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Kaspersky’s report reveals new tactics used by North Korean crypto hackers

CoinJournal

Cryptocoins News / CoinJournal 37 Views

  • North Korean hackers deploying “Durian” malware targeting South Korean crypto firms.
  • The resurgence of dormant hackers like Careto underscores the evolving cybersecurity landscape.
  • Hacktivist groups like SiegedSec escalate offensive operations amidst global socio-political events.

The first quarter of 2024 has proven particularly eventful, with notable findings and trends emerging from the frontline of cyber security. From the deployment of sophisticated malware variants to the resurgence of long-dormant threat actors, the landscape of cyber threats continues to shape-shift, presenting new challenges for security experts worldwide.

A recent report by the Global Research and Analysis Team (GReAT) at Kaspersky made a striking revelation shedding light on the activities of various advanced persistent threat (APT) groups.

The Durian malware targeting South Korean crypto firms

Among the findings made by GReAT is the emergence of the “Durian” malware, attributed to the North Korean hacking group Kimsuky. It has been used to target South Korean cryptocurrency firms and it has a high level of sophistication, boasting comprehensive backdoor functionality.

The Durian malware’s deployment marks a notable escalation in the cyber capabilities of Kimsuky, showcasing their ability to exploit vulnerabilities within the supply chain of targeted organizations.

By infiltrating legitimate security software exclusive to South Korean crypto firms, Kimsuky demonstrates a calculated approach to circumventing traditional security mechanisms. This modus operandi highlights the need for enhanced vigilance and proactive security strategies within the cryptocurrency sector, where the stakes are exceptionally high.

The connection between Kimsuky and the Lazarus Group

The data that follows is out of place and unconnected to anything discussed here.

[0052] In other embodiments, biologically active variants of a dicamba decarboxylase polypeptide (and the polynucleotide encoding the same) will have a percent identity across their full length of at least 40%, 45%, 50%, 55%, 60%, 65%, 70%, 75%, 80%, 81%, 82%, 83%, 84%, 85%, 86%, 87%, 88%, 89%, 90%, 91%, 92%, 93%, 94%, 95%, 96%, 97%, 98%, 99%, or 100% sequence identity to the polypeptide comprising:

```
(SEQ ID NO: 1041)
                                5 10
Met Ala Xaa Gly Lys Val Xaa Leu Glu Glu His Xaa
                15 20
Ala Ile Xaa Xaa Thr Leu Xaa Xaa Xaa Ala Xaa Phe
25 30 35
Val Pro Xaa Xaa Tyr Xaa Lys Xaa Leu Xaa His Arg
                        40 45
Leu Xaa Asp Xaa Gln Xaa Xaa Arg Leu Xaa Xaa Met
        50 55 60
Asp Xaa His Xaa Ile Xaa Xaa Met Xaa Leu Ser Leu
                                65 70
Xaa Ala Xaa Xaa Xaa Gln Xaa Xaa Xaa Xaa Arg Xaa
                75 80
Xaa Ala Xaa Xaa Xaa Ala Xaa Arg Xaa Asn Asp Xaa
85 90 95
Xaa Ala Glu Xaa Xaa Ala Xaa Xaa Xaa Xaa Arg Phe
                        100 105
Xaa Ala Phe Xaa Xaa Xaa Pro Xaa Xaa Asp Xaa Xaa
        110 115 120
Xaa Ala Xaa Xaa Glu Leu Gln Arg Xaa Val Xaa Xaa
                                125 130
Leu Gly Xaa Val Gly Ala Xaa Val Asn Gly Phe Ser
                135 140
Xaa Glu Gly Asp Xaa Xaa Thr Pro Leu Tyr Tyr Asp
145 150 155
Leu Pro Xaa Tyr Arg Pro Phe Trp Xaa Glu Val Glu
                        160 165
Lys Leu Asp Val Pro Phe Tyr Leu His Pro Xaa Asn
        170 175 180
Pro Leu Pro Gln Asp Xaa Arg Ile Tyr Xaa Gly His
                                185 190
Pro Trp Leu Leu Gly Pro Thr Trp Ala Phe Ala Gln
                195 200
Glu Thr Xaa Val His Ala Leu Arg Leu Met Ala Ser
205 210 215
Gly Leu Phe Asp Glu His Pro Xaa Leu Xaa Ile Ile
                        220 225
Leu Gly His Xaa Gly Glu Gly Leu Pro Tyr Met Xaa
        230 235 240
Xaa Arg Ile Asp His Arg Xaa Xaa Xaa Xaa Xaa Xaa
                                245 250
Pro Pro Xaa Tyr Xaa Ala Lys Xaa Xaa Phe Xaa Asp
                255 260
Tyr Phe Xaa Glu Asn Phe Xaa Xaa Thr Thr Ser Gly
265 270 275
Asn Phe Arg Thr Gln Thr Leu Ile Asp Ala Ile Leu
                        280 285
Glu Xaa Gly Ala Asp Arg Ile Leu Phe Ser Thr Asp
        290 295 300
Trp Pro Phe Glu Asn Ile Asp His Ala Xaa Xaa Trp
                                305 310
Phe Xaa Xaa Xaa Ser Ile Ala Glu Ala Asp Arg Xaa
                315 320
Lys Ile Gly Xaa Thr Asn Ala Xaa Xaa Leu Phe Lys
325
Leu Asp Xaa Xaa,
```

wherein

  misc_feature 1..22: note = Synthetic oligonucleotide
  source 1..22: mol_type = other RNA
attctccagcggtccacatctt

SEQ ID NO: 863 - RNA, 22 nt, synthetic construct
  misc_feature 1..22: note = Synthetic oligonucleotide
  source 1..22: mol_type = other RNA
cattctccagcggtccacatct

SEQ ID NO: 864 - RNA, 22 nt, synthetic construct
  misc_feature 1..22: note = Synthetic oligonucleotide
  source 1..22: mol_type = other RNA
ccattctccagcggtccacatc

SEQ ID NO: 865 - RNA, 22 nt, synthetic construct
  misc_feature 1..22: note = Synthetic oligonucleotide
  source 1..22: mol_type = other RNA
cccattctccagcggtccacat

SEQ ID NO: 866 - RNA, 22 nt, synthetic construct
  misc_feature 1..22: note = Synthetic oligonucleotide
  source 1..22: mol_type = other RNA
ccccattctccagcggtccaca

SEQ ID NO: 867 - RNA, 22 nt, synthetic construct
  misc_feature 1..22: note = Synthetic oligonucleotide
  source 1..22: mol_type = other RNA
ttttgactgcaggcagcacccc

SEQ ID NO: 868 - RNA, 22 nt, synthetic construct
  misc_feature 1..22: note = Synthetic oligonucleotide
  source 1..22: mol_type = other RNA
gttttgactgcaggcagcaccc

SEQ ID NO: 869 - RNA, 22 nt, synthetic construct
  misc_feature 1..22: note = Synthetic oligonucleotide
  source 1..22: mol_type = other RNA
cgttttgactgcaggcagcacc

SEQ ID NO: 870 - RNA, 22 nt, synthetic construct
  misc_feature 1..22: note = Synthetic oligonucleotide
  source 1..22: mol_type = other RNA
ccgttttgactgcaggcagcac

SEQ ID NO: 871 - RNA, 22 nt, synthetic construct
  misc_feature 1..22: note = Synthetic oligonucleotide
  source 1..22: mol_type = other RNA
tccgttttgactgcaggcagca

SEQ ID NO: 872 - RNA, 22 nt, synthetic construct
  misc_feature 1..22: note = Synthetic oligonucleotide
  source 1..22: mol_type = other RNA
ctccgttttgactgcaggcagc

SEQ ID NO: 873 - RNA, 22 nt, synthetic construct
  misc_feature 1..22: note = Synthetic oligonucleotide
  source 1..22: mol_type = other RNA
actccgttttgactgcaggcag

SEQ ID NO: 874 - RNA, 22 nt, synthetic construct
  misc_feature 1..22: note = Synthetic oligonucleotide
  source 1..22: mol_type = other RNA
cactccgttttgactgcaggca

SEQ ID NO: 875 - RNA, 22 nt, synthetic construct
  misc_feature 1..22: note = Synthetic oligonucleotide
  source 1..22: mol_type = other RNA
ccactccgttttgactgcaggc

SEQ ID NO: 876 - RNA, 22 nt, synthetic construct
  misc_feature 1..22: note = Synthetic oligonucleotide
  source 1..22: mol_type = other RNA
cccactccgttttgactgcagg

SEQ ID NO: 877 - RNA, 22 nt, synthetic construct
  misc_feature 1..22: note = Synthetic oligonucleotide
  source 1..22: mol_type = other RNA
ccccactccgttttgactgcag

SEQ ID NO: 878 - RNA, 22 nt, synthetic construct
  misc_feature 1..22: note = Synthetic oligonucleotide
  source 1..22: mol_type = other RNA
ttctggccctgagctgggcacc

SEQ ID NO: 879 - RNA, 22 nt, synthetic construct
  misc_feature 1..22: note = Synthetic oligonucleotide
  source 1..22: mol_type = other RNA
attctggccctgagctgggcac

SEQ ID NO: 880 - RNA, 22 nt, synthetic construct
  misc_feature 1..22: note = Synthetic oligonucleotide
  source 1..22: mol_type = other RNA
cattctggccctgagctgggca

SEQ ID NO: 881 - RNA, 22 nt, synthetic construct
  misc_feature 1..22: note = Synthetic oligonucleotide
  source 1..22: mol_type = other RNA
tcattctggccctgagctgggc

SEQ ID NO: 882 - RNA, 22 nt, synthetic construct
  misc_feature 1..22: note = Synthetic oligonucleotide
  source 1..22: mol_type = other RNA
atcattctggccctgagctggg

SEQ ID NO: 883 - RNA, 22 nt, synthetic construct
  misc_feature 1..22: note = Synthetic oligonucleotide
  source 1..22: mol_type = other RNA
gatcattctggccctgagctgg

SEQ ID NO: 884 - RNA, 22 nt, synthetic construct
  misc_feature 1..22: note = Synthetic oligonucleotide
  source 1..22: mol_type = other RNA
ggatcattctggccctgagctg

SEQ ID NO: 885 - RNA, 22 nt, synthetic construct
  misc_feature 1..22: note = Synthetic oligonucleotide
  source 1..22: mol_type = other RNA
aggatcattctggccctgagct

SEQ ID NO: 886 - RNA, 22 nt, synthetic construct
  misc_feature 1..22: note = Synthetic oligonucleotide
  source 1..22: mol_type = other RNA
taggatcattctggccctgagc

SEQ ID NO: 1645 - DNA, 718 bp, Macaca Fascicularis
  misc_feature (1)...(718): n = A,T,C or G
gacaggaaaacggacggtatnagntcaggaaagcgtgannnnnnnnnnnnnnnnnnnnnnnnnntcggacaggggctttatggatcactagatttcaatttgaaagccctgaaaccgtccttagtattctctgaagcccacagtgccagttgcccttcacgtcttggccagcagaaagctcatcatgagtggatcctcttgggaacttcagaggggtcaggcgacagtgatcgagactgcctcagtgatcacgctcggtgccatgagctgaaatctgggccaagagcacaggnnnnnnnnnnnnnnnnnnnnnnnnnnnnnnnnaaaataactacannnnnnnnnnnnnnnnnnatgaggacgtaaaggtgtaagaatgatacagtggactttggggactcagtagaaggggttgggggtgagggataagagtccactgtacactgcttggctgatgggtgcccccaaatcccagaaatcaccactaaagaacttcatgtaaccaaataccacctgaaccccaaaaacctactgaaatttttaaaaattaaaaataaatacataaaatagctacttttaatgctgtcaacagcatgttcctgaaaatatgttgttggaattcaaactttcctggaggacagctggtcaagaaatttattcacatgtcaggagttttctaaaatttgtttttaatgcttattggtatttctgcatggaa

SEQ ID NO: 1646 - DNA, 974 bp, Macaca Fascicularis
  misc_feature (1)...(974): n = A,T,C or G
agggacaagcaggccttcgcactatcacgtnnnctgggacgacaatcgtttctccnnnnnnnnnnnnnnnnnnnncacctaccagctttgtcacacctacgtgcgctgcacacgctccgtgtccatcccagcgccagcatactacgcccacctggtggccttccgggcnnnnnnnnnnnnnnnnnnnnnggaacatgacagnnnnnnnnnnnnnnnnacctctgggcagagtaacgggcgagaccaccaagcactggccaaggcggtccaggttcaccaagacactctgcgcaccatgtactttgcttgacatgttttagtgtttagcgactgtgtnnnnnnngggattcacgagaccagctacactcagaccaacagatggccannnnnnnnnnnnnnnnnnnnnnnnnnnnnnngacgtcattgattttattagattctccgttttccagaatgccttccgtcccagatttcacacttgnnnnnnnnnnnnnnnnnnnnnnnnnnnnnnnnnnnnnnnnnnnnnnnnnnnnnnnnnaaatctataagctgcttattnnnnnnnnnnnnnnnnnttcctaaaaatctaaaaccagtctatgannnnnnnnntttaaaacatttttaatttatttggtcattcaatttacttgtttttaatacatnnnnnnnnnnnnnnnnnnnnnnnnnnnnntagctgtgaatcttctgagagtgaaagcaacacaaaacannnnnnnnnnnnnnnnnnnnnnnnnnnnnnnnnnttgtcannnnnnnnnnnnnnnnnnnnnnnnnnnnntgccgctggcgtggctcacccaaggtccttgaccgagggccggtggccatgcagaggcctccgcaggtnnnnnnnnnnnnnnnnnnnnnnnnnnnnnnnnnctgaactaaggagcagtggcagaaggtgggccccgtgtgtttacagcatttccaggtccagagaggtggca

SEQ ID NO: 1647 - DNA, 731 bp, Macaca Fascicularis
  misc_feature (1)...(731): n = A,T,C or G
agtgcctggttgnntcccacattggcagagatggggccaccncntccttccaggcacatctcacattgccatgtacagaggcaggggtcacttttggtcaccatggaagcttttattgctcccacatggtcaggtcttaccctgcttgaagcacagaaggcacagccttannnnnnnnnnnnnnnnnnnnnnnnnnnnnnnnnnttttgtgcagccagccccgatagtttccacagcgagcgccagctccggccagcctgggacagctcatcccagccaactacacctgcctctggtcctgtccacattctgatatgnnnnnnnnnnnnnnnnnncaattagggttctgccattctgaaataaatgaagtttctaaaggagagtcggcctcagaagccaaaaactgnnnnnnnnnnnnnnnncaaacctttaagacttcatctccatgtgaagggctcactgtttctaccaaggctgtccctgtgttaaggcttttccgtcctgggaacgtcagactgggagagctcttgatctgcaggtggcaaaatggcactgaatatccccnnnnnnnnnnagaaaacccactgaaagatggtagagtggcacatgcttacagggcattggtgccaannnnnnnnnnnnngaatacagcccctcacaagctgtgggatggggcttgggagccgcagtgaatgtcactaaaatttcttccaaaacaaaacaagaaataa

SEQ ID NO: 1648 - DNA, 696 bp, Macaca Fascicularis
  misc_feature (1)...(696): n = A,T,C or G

The Kaspersky report further unveils a nuanced connection between Kimsuky and another North Korean hacking consortium, the Lazarus Group. While historically distinct entities, the utilization of similar tools such as LazyLoad suggests a potential collaboration or tactical alignment between these crypto-threat actors.

This discovery underscores the interconnected nature of cyber threats, where alliances and partnerships can amplify the impact of malicious activities.

Resurgence of dormant crypto hacking groups

In parallel, the APT trends report reveals a resurgence of long-dormant threat actors, such as the Careto group, whose activities were last observed in 2013.

Despite years of dormancy, Careto resurfaced in 2024 with a series of targeted campaigns, employing custom techniques and sophisticated implants to infiltrate high-profile organizations. This resurgence serves as a stark reminder that cyber threats never truly disappear; they merely adapt and evolve.

Other crypto hacking groups terrorising the world

The Kaspersky report also highlights the emergence of new malware campaigns targeting government entities in the Middle East, such as “DuneQuixote”. Characterized by sophisticated evasion techniques and practical evasion methods, these campaigns underscore the evolving tactics of threat actors in the region.

There is also the emergence of the “SKYCOOK” implant utilised by the Oilrig APT to target internet service providers in the Middle East.

Meanwhile, in Southeast Asia and the Korean Peninsula, the activities of threat actors like DroppingElephant continue to pose significant challenges. Leveraging malicious RAT tools and exploiting platforms like Discord for distribution, these actors demonstrate a multifaceted approach to cyber espionage. The use of legitimate software as initial infection vectors further complicates detection and mitigation efforts, highlighting the need for enhanced threat intelligence and collaboration among stakeholders.

On the hacktivism front, groups like SiegedSec have ramped up their offensive operations, targeting companies and government infrastructure in pursuit of social justice-related goals. With a focus on hack-and-leak operations, these groups leverage current socio-political events to amplify their message and impact.

The post Kaspersky’s report reveals new tactics used by North Korean crypto hackers appeared first on CoinJournal.


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